Prepare for the Emergency Room

7 Ways to Prepare for an Emergency Room Visit
emergency

Life as a caregiver involves medications and doctor visits, aides and day programs, activities and attitudes and charts and to-do lists.

It also occasionally involves a trip to the emergency room.

Caregiving can be taxing enough with the usual day-to-day responsibilities and tasks, but a sudden trip to the ER adds a whole new layer of stress. Preparation is critical in order to best manage a caregiving crisis.

Here are seven ways to prepare for the inevitable emergency room visit.

  1. Create a Cheat Sheet.

    It's difficult to remember all the medications, medical record numbers, and insurance information during an emergency situation. Before a crisis occurs, prepare a document with all current medications, dosage and dispense times, and any known allergies. Include insurance information, social security number, date of birth, and medical record number. Emergency contacts should be listed as well as primary and specialty doctors (this is particularly important if the ER visit is to a hospital not associated with the usual medical team). Preferably, keep this document to one or two pages and keep it accessible and updated. Have a few extra copies on hand so there is one to give to the EMTs (if you need to call an ambulance) and one for the intake nurse in the emergency room. Keep an extra copy to use when verifying medications and personal information with the hospital staff. (Here's a printable emergency room checklist in case you need one.)

  2. Pack a Bag.

    The "just in case" bag might already be packed for your loved one; if not, prepare one now, before it's needed. Extra clothes, protective briefs, wipes, gloves, socks, and undergarments are among the items to have ready to go. It's also helpful to have a spare set of reading glasses, toothbrush and toothpaste, pens, and a favorite book or magazine. Sometimes it's a long wait in the ER.

  3. Pack Another Bag.

    This bag is for the caregiver. Aside from a change of clothes for those ER visits that turn into overnight excursions, toothbrush and toothpaste are essential, as are any medications the caregiver needs. An extra phone charger is also a must-have, because we all know that our phones mysteriously tend to die more quickly when we're at the hospital. There's usually a lot of downtime during check-in and tests and the wait for test results. Bring along a book or e-book reader (and its charger). Toss in a pad of paper and a pen (or a recorder) to take notes when the doctor is relaying information.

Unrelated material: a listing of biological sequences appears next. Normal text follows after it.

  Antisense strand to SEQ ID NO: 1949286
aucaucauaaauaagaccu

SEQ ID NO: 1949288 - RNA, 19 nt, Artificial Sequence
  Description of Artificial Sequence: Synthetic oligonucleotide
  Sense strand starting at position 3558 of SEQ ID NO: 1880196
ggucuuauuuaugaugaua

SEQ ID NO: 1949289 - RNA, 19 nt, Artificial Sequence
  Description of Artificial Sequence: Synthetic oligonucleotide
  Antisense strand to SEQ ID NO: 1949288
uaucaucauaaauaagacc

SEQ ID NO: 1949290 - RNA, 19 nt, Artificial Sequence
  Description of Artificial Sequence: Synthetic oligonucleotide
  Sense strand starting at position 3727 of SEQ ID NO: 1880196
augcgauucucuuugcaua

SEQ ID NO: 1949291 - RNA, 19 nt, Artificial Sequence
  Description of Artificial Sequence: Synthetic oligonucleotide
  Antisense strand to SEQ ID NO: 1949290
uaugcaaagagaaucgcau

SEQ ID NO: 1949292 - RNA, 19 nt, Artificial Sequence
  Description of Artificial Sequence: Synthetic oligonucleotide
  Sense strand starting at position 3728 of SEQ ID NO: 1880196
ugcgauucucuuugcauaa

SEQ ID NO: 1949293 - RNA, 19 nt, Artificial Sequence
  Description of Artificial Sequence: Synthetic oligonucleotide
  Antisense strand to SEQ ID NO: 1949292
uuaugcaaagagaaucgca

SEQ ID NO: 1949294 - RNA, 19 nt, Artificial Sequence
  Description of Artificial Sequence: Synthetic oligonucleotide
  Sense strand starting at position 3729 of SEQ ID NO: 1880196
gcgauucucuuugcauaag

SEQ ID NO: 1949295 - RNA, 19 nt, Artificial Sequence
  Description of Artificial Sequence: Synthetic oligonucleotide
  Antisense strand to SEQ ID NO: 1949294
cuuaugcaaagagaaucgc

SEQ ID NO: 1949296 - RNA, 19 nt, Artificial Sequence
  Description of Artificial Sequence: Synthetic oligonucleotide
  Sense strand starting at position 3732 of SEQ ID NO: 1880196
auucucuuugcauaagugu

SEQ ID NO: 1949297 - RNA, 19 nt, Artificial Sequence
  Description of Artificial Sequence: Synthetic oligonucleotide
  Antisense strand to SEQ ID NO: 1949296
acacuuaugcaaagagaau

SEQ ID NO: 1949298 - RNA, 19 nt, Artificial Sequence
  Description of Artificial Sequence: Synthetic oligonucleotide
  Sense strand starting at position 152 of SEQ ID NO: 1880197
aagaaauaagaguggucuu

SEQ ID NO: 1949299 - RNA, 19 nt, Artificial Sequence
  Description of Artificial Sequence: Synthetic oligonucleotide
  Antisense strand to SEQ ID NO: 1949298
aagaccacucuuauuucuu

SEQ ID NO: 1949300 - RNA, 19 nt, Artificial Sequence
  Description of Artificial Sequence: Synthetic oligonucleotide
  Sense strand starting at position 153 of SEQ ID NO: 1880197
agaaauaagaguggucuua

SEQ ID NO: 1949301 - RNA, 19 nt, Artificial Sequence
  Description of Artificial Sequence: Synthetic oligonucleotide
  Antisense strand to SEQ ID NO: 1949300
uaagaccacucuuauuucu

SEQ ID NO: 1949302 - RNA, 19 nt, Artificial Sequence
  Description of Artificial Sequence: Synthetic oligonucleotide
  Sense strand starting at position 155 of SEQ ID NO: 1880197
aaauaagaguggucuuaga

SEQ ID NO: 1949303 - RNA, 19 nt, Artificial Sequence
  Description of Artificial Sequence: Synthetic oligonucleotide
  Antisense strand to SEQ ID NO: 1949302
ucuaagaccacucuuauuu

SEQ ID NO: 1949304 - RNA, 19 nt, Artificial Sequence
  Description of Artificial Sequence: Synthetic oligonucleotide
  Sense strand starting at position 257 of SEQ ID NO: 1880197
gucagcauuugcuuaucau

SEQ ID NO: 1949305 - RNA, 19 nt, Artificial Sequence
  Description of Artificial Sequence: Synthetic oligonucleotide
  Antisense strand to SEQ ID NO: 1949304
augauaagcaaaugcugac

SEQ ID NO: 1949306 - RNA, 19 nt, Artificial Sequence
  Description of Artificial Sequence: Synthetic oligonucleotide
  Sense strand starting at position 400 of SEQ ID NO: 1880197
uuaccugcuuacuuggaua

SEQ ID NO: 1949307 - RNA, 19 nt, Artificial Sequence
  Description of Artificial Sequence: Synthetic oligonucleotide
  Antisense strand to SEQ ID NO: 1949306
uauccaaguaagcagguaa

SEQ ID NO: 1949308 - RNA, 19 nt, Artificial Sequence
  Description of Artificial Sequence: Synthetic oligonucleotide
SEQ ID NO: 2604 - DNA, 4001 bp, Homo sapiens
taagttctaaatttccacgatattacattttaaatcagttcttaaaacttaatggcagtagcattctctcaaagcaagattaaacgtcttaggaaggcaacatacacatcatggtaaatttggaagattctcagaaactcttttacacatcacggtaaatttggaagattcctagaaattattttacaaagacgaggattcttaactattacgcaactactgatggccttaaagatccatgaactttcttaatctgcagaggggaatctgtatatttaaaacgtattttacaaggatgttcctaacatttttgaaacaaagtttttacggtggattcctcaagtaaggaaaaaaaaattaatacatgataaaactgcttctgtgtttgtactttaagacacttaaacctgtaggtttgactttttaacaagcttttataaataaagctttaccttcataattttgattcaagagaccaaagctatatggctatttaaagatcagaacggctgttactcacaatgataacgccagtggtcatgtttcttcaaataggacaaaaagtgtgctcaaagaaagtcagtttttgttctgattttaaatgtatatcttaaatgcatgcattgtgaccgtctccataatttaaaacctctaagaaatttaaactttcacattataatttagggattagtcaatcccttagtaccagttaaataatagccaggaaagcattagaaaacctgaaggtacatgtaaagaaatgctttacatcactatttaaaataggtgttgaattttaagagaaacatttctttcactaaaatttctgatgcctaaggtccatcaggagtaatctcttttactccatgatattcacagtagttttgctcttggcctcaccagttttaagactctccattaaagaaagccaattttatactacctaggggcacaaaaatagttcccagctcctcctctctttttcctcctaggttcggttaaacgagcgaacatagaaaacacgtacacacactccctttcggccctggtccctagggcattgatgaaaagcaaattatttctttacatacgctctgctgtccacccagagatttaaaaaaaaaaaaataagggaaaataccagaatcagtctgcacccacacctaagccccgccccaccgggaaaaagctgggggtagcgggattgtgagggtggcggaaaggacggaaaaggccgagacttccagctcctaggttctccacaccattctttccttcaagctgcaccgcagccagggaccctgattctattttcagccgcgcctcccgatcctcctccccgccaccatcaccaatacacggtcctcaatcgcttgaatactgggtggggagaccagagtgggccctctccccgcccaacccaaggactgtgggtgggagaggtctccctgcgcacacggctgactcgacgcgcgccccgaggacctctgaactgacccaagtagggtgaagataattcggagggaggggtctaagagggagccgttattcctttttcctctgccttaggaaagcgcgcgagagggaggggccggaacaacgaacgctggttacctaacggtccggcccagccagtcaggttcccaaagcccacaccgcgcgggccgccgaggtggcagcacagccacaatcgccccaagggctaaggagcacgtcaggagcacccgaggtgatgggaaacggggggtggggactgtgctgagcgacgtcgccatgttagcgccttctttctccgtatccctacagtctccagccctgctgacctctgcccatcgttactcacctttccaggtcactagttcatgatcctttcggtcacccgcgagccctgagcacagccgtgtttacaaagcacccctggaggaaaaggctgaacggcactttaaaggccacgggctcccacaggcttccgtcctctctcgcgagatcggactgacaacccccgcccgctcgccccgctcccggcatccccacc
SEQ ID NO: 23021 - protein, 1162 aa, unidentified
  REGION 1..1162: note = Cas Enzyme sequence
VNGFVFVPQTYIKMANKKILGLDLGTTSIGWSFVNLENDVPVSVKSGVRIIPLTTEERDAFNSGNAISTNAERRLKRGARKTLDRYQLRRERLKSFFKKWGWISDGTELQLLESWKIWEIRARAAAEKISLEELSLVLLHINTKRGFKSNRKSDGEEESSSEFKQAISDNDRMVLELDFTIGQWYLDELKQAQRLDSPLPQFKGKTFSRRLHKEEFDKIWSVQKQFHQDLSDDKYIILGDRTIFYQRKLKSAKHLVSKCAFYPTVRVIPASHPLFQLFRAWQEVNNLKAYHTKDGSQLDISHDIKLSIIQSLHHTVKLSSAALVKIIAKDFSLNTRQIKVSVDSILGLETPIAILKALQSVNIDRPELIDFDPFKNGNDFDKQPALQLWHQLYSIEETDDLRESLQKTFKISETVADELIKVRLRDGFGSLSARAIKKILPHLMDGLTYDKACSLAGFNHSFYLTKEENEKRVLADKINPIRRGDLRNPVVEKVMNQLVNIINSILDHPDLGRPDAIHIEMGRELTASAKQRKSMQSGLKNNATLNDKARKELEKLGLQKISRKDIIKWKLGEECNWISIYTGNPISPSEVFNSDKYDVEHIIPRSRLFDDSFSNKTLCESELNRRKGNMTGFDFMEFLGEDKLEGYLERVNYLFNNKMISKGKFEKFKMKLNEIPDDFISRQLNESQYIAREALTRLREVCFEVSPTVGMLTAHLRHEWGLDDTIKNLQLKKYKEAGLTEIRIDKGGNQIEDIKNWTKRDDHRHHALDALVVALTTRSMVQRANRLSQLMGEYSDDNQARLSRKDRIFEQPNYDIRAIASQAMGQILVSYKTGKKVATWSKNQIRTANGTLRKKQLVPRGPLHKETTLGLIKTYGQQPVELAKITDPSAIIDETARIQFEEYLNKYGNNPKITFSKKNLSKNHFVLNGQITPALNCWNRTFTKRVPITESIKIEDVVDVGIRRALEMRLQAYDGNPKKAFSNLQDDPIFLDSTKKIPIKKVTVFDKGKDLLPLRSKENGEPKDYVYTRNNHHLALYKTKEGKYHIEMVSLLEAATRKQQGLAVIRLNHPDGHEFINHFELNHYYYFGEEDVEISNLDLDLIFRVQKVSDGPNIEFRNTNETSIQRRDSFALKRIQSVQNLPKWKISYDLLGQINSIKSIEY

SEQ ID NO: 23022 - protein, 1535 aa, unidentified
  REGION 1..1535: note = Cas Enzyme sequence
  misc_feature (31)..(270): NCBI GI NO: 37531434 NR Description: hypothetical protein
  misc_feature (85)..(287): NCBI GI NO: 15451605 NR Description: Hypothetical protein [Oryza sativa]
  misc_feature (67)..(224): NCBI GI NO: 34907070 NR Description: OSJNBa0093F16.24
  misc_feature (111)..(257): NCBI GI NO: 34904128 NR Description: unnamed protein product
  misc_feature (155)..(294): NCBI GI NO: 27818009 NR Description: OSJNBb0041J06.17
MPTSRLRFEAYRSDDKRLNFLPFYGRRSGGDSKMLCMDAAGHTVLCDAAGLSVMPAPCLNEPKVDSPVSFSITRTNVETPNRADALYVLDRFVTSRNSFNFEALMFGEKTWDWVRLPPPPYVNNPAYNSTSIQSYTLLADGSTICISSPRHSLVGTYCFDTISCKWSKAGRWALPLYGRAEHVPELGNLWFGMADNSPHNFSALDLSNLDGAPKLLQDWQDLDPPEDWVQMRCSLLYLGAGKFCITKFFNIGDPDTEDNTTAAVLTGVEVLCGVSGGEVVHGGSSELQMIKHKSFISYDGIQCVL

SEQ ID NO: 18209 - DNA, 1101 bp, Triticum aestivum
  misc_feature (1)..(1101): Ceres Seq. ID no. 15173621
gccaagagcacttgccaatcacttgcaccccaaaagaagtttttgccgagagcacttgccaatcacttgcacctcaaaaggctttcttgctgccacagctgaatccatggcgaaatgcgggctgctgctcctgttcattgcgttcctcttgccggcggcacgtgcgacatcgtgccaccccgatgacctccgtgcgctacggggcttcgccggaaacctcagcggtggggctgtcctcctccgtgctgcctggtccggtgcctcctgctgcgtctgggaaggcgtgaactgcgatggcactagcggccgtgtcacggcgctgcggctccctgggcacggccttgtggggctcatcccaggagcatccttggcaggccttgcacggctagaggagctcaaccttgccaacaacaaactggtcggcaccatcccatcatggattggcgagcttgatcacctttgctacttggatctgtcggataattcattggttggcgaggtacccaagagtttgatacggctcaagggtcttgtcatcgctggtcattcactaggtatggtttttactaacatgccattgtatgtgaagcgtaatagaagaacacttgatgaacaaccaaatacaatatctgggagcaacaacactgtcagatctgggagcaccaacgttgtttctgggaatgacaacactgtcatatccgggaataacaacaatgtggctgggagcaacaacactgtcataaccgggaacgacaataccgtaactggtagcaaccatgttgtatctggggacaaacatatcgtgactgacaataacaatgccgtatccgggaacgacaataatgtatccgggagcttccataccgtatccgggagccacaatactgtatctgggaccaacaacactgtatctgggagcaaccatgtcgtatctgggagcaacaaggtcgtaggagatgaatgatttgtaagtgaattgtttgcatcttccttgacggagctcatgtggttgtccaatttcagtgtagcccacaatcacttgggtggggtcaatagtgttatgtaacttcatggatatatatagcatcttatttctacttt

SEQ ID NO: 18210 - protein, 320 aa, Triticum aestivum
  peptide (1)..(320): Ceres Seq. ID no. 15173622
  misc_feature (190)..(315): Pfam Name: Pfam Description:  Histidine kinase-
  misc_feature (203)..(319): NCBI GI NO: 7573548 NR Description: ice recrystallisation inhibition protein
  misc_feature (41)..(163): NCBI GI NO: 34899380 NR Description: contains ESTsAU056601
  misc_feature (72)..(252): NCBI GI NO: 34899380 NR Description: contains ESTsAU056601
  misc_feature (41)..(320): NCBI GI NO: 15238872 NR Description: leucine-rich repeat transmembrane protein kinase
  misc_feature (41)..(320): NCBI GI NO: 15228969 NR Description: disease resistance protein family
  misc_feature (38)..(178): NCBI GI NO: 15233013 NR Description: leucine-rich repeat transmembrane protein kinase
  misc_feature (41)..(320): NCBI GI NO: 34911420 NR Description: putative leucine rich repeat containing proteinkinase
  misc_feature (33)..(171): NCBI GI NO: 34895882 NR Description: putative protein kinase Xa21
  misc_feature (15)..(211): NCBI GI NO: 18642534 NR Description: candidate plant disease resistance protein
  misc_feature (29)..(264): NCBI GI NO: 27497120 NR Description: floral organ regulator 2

4. Bring Along the Medications.
    Emergency rooms can be chaotic, and the wait can be unbelievably long. It's important to bring along any regular medications in case it gets to be time to take them and your loved one hasn't yet seen a doctor. Of course, once your loved one is under the doctor's care, it is essential to ask permission before he or she takes any medications.

  5. Prepare to Advocate.

    Caregivers know what's "normal" for their loved ones. It's important to share as much information about the situation as possible with the medical professionals. Most likely the ER doctor is seeing the patient for the very first time. If the doctors or nurses aren't listening or are going in a direction that doesn't seem to fit with what you know about your loved one, it's time to speak up. In order to get the best results when advocating, be polite yet firm, and be as cooperative as possible.

  6. Pack Your Patience.

    A trip to the emergency room means a health crisis and a lot of uncertainty. It doesn't help that the trip is likely in the middle of the night, when no one wants to be on those hard, cold waiting room chairs. It's important to remain calm and patient even when people (seemingly not as sick as your loved one) are being seen first or the waiting room is overflowing. Remember the person in the next seat over is probably just as stressed and worried. Take a quick walk outside or to the cafeteria if the stress gets to be too much.

  7. Phone a Friend (or Relative).

    Caregiving can be a lonely experience. Add a big dose of worry, and it's time to use a lifeline. Phone a friend or relative to talk about what's happening and ask for help. Whether you need someone to bring food or coffee or just sit with you with during the long wait, it's important to reach out.


about 3 years ago, said...

Roaring Mouse, Thanks for your comments. Good idea to note anything unique about your caree. No one knows the caree like the caregiver!


about 3 years ago, said...

This is a great article. It's a shame that it is not handed out to all caregivers when they come in contact with program or learn of their position in a medical setting. Re: #1: This is also a good place to attach explanations of things unique to your caree and helps to save time. Thanks again!


about 3 years ago, said...

@wks41, That's a good idea. I keep a copy of the Cheat Sheet in my purse, too. I've even been known to produce a copy of the Power of Attorney from my purse! (I carry a big purse.) :-) Trish


about 3 years ago, said...

@KKehler, Excellent addition! There are times when hunger strikes and you can't leave because you're waiting for the doctor to show up but you have to eat. You know as soon as you leave the room, the doc will be there. Great idea to bring some power bars or shake.


about 3 years ago, said...

Excellent article! Adds some 'reality strikes' things to remember when we're often stressed and dealing with an overload of anxiety. Phone/ebook chargers definitely! I might also add a 'power bar' or nutritional shake (with MD permission) so you can stay with person and manage hunger based crankiness.


about 3 years ago, said...

Ref #1 I keep an up to date printout of the EMIR from MedicAlert in my wife's purse just in case.